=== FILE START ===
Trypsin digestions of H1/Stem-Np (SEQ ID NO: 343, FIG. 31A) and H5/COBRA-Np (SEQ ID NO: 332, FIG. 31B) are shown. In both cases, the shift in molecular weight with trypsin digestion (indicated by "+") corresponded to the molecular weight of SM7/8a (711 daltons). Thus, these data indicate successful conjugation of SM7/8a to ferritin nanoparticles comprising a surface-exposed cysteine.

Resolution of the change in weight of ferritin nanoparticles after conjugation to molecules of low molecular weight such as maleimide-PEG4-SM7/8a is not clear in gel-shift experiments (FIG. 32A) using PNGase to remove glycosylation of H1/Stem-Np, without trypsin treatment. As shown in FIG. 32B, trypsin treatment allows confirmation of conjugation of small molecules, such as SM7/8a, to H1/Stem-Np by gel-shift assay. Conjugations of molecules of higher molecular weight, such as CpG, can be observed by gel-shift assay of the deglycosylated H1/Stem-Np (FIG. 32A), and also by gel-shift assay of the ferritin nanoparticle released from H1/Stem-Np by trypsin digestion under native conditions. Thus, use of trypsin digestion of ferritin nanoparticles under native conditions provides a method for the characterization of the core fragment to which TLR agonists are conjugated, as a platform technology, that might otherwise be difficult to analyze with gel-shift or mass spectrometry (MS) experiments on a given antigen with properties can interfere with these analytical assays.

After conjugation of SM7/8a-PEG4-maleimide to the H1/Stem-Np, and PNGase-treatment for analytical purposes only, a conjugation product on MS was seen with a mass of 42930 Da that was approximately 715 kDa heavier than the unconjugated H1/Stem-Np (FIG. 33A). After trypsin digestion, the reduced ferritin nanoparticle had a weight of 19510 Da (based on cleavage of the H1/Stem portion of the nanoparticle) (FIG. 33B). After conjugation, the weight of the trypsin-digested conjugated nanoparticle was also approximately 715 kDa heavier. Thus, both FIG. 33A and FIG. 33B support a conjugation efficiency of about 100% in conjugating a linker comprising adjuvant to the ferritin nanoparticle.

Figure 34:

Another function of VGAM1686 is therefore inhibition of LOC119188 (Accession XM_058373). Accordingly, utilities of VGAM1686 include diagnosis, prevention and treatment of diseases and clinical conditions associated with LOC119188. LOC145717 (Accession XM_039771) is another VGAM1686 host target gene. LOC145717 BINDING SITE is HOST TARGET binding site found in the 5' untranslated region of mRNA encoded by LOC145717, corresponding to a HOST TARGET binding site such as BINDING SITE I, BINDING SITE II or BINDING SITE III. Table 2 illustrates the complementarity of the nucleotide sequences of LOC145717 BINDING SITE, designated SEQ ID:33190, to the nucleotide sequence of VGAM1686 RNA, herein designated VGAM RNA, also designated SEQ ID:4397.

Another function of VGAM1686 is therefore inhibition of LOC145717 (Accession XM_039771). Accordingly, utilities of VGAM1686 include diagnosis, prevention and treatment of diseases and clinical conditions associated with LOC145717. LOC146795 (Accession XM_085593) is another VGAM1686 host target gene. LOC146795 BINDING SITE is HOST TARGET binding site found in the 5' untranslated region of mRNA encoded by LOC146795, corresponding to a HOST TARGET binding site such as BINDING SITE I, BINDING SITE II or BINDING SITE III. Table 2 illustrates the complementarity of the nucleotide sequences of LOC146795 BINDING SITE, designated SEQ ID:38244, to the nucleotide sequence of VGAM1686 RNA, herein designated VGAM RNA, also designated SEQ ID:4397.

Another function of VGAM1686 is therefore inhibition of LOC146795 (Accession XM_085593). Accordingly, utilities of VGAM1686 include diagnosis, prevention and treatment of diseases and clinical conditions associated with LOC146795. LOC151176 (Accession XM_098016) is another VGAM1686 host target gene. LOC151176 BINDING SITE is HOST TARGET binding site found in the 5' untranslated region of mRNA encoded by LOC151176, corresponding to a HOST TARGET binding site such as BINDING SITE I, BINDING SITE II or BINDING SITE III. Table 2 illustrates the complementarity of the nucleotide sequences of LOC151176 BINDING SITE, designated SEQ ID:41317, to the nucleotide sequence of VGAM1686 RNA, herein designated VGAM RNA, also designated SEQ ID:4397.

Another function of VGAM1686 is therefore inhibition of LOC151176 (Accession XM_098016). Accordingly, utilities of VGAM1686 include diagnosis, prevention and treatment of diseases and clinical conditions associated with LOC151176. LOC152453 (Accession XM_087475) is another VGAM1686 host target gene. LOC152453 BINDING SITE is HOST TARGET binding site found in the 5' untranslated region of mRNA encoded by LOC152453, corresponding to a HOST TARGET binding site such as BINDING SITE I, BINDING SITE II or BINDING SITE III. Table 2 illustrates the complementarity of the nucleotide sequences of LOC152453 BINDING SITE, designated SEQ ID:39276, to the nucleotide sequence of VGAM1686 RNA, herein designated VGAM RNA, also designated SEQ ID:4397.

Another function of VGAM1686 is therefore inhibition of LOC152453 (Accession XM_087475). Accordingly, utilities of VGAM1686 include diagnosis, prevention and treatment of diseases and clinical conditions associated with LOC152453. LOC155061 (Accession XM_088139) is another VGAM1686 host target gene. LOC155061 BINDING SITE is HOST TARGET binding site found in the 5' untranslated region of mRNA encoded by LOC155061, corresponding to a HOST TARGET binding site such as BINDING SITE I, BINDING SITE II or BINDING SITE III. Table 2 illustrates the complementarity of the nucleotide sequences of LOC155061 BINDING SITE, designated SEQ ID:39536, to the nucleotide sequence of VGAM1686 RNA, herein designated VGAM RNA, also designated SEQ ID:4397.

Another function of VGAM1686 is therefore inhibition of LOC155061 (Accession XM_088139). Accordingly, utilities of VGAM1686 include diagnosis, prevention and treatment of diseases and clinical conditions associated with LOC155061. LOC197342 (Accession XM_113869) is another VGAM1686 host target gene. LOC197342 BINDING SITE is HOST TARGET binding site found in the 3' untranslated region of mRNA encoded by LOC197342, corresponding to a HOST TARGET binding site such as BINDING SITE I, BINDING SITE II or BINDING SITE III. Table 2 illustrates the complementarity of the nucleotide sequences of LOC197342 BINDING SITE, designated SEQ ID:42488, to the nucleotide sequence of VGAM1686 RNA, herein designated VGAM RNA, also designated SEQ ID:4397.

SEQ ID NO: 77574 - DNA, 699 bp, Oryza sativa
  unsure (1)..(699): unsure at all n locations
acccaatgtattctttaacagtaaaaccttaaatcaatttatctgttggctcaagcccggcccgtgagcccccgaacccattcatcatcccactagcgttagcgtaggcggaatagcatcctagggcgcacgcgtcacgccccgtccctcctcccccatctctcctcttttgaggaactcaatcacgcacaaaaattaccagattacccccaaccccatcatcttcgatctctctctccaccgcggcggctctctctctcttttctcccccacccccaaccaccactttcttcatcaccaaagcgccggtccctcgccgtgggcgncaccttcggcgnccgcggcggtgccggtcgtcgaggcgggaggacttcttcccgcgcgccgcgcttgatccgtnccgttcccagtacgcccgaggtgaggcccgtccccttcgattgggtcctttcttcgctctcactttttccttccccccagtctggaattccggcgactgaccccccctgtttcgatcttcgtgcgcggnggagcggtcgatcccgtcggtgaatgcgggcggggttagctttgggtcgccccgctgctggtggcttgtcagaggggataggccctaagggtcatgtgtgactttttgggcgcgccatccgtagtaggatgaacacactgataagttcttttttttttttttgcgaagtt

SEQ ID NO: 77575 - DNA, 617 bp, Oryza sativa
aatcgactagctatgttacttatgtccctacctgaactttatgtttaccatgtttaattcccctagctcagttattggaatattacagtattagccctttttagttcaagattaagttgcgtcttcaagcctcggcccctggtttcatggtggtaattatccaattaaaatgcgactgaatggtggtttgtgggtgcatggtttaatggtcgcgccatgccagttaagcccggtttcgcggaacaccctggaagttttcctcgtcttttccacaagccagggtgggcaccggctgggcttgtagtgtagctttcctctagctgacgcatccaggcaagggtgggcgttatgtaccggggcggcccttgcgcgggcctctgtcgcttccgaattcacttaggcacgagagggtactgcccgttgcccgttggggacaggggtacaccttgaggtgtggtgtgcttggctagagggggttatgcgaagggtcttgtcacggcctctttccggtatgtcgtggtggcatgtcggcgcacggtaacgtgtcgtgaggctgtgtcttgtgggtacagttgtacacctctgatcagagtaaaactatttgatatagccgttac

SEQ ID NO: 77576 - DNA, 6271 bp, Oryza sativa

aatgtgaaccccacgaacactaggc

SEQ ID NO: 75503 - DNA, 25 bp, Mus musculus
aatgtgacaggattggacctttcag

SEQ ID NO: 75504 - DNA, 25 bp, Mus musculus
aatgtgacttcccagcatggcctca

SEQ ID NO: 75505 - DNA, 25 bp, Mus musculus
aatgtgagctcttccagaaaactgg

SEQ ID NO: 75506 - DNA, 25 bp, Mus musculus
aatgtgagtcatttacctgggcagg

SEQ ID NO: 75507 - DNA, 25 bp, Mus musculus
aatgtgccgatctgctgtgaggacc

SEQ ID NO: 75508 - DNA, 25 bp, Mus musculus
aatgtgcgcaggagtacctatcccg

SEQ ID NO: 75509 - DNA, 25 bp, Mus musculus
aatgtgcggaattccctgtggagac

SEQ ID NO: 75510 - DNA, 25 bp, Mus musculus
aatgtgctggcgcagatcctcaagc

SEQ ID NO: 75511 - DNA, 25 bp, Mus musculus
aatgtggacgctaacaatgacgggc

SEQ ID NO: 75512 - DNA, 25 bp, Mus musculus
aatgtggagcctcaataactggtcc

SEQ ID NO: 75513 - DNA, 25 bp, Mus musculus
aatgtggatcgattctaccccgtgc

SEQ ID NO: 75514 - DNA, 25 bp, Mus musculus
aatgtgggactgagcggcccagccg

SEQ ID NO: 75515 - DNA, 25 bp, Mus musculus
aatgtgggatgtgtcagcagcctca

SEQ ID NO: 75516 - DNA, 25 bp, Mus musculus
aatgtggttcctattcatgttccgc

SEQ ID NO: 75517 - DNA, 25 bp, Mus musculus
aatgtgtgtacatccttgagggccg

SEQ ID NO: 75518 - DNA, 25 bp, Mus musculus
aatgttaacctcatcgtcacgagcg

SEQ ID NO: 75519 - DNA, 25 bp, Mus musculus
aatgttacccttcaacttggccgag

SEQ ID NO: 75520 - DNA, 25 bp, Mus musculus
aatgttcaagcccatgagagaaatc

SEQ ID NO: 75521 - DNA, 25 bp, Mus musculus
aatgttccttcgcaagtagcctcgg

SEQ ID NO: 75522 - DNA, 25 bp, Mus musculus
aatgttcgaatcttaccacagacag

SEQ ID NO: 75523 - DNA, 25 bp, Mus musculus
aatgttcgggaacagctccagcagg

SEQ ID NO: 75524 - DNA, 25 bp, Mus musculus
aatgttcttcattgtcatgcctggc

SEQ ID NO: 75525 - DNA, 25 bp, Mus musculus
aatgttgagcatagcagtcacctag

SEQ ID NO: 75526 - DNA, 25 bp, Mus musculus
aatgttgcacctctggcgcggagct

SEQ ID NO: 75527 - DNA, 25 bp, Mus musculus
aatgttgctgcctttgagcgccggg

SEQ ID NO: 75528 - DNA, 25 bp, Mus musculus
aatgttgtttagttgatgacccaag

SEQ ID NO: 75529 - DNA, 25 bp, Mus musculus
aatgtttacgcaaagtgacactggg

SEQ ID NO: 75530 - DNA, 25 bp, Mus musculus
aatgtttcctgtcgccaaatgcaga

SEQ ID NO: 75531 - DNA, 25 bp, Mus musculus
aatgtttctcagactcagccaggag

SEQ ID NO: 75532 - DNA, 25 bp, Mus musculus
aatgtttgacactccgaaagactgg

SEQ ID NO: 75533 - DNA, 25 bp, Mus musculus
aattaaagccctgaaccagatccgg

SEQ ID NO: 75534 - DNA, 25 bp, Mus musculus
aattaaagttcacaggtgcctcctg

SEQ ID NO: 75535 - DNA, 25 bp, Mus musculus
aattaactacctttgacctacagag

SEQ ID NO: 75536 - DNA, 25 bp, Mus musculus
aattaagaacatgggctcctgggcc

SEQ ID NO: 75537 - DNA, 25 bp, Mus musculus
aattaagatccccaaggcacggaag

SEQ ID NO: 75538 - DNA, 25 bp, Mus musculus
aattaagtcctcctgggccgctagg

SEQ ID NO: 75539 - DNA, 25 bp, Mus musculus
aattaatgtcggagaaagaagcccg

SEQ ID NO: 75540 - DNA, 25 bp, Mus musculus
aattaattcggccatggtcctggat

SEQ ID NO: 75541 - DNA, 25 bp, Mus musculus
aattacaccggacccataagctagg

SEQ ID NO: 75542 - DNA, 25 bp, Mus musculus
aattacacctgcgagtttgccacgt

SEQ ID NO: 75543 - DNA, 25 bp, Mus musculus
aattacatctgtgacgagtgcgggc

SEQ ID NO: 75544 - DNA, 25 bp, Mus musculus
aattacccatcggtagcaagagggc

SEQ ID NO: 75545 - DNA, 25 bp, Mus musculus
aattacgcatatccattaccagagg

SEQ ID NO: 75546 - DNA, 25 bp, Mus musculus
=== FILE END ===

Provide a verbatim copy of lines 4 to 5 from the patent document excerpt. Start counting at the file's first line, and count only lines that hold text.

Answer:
Figure 34:

Another function of VGAM1686 is therefore inhibition of LOC119188 (Accession XM_058373). Accordingly, utilities of VGAM1686 include diagnosis, prevention and treatment of diseases and clinical conditions associated with LOC119188. LOC145717 (Accession XM_039771) is another VGAM1686 host target gene. LOC145717 BINDING SITE is HOST TARGET binding site found in the 5' untranslated region of mRNA encoded by LOC145717, corresponding to a HOST TARGET binding site such as BINDING SITE I, BINDING SITE II or BINDING SITE III. Table 2 illustrates the complementarity of the nucleotide sequences of LOC145717 BINDING SITE, designated SEQ ID:33190, to the nucleotide sequence of VGAM1686 RNA, herein designated VGAM RNA, also designated SEQ ID:4397.